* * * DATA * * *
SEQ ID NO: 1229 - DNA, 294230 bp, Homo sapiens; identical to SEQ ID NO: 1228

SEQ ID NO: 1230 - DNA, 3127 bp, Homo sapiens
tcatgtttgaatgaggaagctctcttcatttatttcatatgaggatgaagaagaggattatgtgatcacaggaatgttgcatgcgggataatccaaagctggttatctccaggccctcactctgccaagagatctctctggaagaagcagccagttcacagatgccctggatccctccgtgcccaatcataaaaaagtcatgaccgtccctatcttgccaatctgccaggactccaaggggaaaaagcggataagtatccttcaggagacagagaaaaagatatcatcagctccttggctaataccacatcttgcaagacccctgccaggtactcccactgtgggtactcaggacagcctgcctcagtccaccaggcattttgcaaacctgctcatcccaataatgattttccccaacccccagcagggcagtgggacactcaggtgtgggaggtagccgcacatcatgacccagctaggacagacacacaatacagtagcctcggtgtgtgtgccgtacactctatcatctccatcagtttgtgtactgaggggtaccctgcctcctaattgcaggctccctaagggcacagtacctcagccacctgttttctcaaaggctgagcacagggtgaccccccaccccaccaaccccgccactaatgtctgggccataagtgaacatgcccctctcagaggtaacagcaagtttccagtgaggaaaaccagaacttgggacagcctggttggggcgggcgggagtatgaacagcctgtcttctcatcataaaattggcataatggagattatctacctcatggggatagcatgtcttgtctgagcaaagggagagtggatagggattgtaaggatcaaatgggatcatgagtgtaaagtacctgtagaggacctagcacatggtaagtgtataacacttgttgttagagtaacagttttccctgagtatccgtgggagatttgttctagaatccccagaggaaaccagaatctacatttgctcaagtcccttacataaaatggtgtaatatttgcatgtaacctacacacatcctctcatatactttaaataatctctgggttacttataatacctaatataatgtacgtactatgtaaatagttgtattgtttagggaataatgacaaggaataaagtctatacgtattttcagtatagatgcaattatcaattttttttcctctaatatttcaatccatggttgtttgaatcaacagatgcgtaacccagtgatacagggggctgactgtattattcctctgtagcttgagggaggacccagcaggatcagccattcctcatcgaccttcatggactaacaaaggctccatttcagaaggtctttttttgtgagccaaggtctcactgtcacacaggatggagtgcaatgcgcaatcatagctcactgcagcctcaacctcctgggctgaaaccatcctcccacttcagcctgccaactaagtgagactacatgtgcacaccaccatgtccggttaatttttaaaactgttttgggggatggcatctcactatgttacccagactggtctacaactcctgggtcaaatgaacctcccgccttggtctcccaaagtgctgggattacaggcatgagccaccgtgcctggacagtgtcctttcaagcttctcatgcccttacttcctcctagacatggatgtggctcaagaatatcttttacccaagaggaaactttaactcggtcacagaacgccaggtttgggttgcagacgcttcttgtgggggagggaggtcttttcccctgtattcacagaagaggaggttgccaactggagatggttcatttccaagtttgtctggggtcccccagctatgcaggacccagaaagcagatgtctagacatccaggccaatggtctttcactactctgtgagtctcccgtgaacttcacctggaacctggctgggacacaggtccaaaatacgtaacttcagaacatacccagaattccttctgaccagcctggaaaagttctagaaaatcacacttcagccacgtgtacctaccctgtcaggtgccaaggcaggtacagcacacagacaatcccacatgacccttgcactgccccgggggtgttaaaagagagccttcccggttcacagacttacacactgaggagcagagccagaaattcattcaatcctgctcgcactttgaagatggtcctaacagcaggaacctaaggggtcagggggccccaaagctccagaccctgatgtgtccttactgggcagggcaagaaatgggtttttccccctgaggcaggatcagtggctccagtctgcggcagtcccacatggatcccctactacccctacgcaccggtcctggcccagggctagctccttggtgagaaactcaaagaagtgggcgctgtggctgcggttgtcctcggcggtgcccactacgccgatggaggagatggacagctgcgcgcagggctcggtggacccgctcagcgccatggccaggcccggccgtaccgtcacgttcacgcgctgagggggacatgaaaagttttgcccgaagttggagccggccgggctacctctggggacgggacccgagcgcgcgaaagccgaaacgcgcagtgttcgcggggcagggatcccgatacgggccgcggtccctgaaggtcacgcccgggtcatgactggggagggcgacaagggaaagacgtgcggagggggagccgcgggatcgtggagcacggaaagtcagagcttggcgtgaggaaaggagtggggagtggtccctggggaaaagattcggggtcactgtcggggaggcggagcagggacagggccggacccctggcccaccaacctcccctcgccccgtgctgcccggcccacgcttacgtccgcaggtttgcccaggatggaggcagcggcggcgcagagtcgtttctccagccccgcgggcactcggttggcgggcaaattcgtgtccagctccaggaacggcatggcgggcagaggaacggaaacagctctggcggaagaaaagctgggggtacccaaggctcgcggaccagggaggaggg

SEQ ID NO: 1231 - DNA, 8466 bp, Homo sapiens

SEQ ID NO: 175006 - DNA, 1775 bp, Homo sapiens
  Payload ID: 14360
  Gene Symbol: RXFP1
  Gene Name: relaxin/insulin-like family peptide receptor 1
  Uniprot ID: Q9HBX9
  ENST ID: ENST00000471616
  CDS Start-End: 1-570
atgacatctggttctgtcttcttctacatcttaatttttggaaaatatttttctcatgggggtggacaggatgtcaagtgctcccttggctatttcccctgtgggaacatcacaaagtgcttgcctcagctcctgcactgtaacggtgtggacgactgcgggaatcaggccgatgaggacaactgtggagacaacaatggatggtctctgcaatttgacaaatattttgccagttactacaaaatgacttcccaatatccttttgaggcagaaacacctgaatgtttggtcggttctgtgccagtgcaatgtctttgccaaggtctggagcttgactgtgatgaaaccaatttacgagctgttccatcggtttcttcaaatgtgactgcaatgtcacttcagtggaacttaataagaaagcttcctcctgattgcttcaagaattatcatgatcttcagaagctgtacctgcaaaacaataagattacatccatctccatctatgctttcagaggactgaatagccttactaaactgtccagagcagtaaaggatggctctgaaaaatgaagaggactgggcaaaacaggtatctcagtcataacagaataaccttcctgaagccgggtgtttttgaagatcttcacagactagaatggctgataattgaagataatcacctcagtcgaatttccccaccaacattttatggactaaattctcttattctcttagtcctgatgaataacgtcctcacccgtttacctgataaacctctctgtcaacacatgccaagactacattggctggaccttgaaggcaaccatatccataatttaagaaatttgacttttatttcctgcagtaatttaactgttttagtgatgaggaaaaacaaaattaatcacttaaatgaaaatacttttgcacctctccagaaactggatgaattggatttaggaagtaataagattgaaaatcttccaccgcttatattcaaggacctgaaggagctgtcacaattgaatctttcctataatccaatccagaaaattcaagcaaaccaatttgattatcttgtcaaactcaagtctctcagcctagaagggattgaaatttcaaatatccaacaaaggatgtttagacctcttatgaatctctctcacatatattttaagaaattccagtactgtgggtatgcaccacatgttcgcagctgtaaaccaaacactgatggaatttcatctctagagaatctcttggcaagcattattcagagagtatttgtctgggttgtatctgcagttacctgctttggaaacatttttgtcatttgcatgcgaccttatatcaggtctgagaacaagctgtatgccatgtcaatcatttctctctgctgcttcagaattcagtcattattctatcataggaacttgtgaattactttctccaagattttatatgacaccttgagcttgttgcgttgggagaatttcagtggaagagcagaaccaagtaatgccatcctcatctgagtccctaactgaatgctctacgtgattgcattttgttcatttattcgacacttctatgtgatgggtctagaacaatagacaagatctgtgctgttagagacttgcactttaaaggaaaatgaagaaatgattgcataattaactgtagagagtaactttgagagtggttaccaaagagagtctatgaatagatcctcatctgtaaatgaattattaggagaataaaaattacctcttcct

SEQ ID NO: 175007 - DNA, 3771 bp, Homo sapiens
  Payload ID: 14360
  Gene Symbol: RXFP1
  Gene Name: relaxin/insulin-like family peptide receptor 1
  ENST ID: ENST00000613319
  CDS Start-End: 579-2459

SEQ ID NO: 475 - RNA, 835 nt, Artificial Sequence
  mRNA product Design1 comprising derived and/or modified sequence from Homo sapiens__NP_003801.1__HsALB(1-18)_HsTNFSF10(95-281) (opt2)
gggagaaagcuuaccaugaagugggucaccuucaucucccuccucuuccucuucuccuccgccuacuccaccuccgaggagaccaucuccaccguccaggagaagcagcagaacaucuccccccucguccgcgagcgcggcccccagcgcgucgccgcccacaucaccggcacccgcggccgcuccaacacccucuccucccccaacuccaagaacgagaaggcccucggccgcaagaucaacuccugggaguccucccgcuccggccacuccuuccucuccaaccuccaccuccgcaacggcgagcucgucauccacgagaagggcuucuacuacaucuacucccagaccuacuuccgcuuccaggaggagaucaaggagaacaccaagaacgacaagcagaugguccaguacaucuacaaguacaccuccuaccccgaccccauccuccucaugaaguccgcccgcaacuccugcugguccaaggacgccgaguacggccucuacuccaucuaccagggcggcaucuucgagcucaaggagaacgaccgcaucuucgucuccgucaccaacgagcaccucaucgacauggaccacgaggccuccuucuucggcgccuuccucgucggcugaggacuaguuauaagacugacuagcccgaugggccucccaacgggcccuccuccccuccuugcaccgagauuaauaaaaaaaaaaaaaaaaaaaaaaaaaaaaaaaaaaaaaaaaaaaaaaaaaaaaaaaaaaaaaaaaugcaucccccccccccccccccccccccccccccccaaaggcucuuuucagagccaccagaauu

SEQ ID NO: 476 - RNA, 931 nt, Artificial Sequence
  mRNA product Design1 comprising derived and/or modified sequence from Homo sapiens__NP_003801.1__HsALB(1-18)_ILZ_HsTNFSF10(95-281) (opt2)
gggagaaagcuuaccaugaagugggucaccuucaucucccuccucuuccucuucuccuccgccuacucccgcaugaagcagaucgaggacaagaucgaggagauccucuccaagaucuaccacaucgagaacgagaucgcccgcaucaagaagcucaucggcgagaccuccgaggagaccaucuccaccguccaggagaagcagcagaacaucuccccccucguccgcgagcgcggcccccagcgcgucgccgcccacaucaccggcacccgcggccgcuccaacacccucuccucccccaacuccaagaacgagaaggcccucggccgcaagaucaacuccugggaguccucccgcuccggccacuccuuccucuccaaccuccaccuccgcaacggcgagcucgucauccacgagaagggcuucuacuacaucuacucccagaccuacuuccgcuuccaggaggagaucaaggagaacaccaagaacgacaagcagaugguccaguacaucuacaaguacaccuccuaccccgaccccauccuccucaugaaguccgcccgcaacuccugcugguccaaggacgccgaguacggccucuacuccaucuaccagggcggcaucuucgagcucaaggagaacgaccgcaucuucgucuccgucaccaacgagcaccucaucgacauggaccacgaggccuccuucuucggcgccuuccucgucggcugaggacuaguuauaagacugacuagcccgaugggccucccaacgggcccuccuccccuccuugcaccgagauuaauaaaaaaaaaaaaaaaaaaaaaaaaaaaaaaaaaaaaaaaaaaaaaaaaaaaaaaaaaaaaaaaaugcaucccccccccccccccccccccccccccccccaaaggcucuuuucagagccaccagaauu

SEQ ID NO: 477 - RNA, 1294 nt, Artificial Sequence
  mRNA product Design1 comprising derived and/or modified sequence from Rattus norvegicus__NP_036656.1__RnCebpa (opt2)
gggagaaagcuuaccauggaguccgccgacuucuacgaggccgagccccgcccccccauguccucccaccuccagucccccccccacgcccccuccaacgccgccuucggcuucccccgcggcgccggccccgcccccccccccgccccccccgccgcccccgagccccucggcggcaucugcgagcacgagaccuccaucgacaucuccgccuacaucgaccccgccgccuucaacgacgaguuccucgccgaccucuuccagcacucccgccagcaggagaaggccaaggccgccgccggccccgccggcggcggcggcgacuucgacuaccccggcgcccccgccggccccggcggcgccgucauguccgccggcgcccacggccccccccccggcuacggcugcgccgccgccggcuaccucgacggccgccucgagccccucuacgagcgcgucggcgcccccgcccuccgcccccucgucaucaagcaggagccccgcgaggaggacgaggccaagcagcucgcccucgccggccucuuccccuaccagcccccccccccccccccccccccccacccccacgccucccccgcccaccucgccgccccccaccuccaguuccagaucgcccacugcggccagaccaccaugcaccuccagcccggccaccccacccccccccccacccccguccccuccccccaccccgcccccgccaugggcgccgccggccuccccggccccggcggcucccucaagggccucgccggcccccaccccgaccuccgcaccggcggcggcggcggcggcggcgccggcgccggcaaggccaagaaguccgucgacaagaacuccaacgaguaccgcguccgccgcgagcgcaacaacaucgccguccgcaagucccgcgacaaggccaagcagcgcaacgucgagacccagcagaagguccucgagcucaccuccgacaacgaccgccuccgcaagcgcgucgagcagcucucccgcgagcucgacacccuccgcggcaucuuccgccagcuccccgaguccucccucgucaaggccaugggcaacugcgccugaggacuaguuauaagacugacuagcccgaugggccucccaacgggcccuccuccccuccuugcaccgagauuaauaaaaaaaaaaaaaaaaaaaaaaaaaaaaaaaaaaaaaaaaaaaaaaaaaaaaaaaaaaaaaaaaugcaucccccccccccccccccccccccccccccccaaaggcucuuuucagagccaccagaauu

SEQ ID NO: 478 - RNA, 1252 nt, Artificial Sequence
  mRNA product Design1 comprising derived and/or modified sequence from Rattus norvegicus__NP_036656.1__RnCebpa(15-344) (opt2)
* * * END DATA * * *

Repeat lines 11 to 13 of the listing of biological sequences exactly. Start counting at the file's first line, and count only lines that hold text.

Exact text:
  CDS Start-End: 1-570
atgacatctggttctgtcttcttctacatcttaatttttggaaaatatttttctcatgggggtggacaggatgtcaagtgctcccttggctatttcccctgtgggaacatcacaaagtgcttgcctcagctcctgcactgtaacggtgtggacgactgcgggaatcaggccgatgaggacaactgtggagacaacaatggatggtctctgcaatttgacaaatattttgccagttactacaaaatgacttcccaatatccttttgaggcagaaacacctgaatgtttggtcggttctgtgccagtgcaatgtctttgccaaggtctggagcttgactgtgatgaaaccaatttacgagctgttccatcggtttcttcaaatgtgactgcaatgtcacttcagtggaacttaataagaaagcttcctcctgattgcttcaagaattatcatgatcttcagaagctgtacctgcaaaacaataagattacatccatctccatctatgctttcagaggactgaatagccttactaaactgtccagagcagtaaaggatggctctgaaaaatgaagaggactgggcaaaacaggtatctcagtcataacagaataaccttcctgaagccgggtgtttttgaagatcttcacagactagaatggctgataattgaagataatcacctcagtcgaatttccccaccaacattttatggactaaattctcttattctcttagtcctgatgaataacgtcctcacccgtttacctgataaacctctctgtcaacacatgccaagactacattggctggaccttgaaggcaaccatatccataatttaagaaatttgacttttatttcctgcagtaatttaactgttttagtgatgaggaaaaacaaaattaatcacttaaatgaaaatacttttgcacctctccagaaactggatgaattggatttaggaagtaataagattgaaaatcttccaccgcttatattcaaggacctgaaggagctgtcacaattgaatctttcctataatccaatccagaaaattcaagcaaaccaatttgattatcttgtcaaactcaagtctctcagcctagaagggattgaaatttcaaatatccaacaaaggatgtttagacctcttatgaatctctctcacatatattttaagaaattccagtactgtgggtatgcaccacatgttcgcagctgtaaaccaaacactgatggaatttcatctctagagaatctcttggcaagcattattcagagagtatttgtctgggttgtatctgcagttacctgctttggaaacatttttgtcatttgcatgcgaccttatatcaggtctgagaacaagctgtatgccatgtcaatcatttctctctgctgcttcagaattcagtcattattctatcataggaacttgtgaattactttctccaagattttatatgacaccttgagcttgttgcgttgggagaatttcagtggaagagcagaaccaagtaatgccatcctcatctgagtccctaactgaatgctctacgtgattgcattttgttcatttattcgacacttctatgtgatgggtctagaacaatagacaagatctgtgctgttagagacttgcactttaaaggaaaatgaagaaatgattgcataattaactgtagagagtaactttgagagtggttaccaaagagagtctatgaatagatcctcatctgtaaatgaattattaggagaataaaaattacctcttcct

SEQ ID NO: 175007 - DNA, 3771 bp, Homo sapiens